Obsessive Compulsive Disorder (OCD) Essay

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Obsessive Compulsive Disorder, or OCD, affects an average 1.7% of the population according to the Stanford University School of Medicine. The recognition of this psychological disorder has grown in the recent years. As the knowledge of this disorder becomes more prevalent, those suffering have become more willing to seek help (OCDA). OCD is a condition “in which people experience repetitive and upsetting thoughts and/or behaviors” (OCDA). While there are many variation of the disease, those suffering from OCD show signs in either or both of two categories: obsession and compulsion. The obsessive factor varies from thoughts to images or to impulses. These obsessions are often frequent, upsetting, and …show more content…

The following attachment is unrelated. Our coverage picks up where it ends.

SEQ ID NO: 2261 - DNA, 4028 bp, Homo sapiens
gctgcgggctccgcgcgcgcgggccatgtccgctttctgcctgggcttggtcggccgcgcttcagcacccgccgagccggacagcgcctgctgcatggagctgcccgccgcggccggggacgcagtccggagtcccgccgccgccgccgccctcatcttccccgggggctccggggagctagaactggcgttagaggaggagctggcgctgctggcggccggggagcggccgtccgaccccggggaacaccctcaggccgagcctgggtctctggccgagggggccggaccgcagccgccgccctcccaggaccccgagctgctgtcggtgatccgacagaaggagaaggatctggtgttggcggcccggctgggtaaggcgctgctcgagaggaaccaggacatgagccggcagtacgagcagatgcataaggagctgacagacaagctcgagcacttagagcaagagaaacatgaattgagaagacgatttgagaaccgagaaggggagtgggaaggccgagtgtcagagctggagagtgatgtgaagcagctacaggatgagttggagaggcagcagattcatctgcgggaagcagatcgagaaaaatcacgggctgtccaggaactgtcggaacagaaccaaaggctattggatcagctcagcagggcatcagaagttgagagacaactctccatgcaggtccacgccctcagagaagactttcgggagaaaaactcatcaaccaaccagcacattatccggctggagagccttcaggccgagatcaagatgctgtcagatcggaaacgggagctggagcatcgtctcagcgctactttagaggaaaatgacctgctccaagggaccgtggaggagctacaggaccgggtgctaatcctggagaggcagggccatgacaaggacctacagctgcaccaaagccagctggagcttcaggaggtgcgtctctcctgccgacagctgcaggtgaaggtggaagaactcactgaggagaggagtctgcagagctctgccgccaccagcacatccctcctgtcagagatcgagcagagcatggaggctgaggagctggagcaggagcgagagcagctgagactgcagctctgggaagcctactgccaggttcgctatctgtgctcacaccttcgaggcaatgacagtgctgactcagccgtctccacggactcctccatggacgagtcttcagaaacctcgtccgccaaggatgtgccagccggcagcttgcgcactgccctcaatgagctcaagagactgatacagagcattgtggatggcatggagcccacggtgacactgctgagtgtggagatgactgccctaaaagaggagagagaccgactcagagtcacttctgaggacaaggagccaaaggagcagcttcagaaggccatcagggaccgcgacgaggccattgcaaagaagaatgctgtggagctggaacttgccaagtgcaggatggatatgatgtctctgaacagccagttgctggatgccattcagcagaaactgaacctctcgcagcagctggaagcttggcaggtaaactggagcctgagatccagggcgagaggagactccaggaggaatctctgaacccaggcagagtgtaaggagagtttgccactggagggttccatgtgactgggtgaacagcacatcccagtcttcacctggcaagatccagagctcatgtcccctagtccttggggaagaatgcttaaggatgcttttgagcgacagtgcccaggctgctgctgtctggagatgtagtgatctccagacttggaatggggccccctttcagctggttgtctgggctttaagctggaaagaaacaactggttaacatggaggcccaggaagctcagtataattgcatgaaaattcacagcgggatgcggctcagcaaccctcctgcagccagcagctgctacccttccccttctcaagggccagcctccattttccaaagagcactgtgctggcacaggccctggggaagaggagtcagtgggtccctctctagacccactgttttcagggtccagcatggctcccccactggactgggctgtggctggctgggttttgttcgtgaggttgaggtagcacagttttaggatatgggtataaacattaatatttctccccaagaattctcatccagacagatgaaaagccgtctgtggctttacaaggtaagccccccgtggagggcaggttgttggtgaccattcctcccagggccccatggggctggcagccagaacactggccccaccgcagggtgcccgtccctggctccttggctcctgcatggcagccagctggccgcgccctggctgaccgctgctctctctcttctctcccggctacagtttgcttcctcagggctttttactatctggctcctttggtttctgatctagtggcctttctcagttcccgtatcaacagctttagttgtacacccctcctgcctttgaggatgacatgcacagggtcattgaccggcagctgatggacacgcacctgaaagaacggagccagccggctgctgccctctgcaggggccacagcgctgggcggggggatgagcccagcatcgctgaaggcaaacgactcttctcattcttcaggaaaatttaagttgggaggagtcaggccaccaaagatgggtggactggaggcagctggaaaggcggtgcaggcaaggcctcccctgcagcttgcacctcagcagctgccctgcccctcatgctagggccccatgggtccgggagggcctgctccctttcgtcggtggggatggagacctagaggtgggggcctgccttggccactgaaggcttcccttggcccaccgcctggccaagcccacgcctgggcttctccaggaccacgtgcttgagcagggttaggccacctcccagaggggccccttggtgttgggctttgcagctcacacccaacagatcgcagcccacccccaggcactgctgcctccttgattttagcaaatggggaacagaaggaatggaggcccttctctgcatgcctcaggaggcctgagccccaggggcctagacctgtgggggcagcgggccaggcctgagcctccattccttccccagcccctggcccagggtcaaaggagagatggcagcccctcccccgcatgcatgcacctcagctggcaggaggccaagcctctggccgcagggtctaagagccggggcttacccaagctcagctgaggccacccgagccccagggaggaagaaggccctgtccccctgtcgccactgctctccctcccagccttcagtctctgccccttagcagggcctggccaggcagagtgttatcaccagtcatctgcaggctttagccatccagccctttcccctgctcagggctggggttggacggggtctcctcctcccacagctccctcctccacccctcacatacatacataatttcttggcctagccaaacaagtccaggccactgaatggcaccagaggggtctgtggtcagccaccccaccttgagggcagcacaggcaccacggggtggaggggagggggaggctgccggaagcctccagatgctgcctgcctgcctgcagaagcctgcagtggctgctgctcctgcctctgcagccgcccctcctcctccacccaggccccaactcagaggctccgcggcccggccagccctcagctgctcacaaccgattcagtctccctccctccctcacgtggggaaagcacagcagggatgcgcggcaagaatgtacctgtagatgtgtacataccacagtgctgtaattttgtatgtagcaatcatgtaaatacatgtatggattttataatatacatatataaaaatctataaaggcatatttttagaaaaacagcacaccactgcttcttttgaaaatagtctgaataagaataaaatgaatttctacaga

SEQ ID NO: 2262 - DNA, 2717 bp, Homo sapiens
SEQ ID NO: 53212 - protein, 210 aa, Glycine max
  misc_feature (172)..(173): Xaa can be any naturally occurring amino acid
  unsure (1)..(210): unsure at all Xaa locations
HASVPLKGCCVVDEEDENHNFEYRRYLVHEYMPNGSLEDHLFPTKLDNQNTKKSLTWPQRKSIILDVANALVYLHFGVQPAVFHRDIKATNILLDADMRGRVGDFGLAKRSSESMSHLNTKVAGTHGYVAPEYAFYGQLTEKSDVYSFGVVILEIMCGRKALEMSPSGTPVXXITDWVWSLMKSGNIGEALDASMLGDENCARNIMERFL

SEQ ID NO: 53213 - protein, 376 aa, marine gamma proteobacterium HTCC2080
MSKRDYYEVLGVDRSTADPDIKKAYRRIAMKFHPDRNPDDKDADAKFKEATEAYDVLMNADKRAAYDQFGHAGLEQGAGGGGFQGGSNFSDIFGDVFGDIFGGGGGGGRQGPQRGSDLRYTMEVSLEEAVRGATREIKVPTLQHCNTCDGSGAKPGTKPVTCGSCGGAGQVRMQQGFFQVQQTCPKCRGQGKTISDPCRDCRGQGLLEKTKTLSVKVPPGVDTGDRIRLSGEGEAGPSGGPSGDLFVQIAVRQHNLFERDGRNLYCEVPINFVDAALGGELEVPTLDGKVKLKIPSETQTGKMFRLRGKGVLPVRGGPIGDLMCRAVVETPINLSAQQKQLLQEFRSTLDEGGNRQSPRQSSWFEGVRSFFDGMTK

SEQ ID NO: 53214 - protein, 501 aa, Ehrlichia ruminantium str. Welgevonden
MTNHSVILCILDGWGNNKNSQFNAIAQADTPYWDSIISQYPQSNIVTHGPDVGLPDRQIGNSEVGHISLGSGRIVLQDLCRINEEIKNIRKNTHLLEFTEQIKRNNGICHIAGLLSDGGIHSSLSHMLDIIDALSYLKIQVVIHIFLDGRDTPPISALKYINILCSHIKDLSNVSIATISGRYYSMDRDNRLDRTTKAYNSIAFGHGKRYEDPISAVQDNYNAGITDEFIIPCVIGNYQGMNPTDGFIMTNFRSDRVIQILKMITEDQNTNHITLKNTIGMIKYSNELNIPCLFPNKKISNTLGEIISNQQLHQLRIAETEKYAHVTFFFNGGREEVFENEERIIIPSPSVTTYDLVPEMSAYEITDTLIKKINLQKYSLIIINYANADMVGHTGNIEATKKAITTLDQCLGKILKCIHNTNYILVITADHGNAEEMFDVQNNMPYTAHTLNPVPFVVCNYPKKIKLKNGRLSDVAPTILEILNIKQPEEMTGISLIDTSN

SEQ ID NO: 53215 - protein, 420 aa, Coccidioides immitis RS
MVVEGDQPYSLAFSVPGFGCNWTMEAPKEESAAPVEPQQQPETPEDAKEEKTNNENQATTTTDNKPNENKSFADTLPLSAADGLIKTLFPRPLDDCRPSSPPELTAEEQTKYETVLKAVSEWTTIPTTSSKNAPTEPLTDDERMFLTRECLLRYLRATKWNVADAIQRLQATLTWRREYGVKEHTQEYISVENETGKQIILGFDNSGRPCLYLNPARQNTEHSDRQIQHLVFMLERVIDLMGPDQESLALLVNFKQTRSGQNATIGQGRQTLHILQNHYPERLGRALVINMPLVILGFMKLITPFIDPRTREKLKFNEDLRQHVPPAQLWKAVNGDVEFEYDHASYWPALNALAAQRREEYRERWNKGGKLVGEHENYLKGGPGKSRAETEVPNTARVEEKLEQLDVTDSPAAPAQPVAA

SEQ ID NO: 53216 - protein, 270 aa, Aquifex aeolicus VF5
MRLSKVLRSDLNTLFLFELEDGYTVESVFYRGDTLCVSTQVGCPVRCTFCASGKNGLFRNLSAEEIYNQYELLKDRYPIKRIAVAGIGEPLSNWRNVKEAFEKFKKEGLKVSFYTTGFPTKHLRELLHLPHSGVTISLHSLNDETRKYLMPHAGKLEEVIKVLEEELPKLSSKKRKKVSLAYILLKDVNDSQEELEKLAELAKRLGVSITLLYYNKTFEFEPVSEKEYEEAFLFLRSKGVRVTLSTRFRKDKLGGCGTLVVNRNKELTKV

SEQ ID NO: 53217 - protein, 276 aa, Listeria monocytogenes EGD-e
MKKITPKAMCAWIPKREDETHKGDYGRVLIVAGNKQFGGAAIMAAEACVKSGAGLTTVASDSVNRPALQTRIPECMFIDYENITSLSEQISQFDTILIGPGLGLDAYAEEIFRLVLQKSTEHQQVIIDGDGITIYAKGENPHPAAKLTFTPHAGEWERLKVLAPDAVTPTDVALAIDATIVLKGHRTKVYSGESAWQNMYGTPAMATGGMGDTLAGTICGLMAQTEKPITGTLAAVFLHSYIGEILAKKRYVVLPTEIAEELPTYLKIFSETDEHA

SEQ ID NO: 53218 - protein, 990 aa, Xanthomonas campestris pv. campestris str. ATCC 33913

While it is important to remember that all cases are different, all people suffering with OCD “pay undue attention” stressing over issues. This undue attention in turn immobilizes them in a variety of areas in their lives (OCDA). OCD affects a wide range of people, young and old alike. Most cases show signs prior to age 25 (Stanford). Almost all adults that are diagnosed with OCD have said that “they had their first symptoms as children” (OCDA). The earlier onset of OCD symptoms, the more likely it is that the disorder will become more serious. According to the Stanford University School of Medicine, on average men show signs and symptoms earlier than most women who are inflicted with OCD. This is often one to three years earlier. Nevertheless, major symptoms of OCD showed before age 15 in about in about one-third of all those inflicted and in about two-thirds by age 25 (Stanford). The answer to what causes Obsessive Compulsive Disorder is not a simple one. Studies have shown a clear link to it being a biologically based (Stanford). It can be linked to both biochemical imbalances in the brain and abnormal brain functioning (OCDA). OCD also has clear familial connections. It is far more likely to suffer from OCD if someone with a genetic connection also suffers from the disorder. However, psychological factors and personal experiences have also been rumored to trigger its onset.
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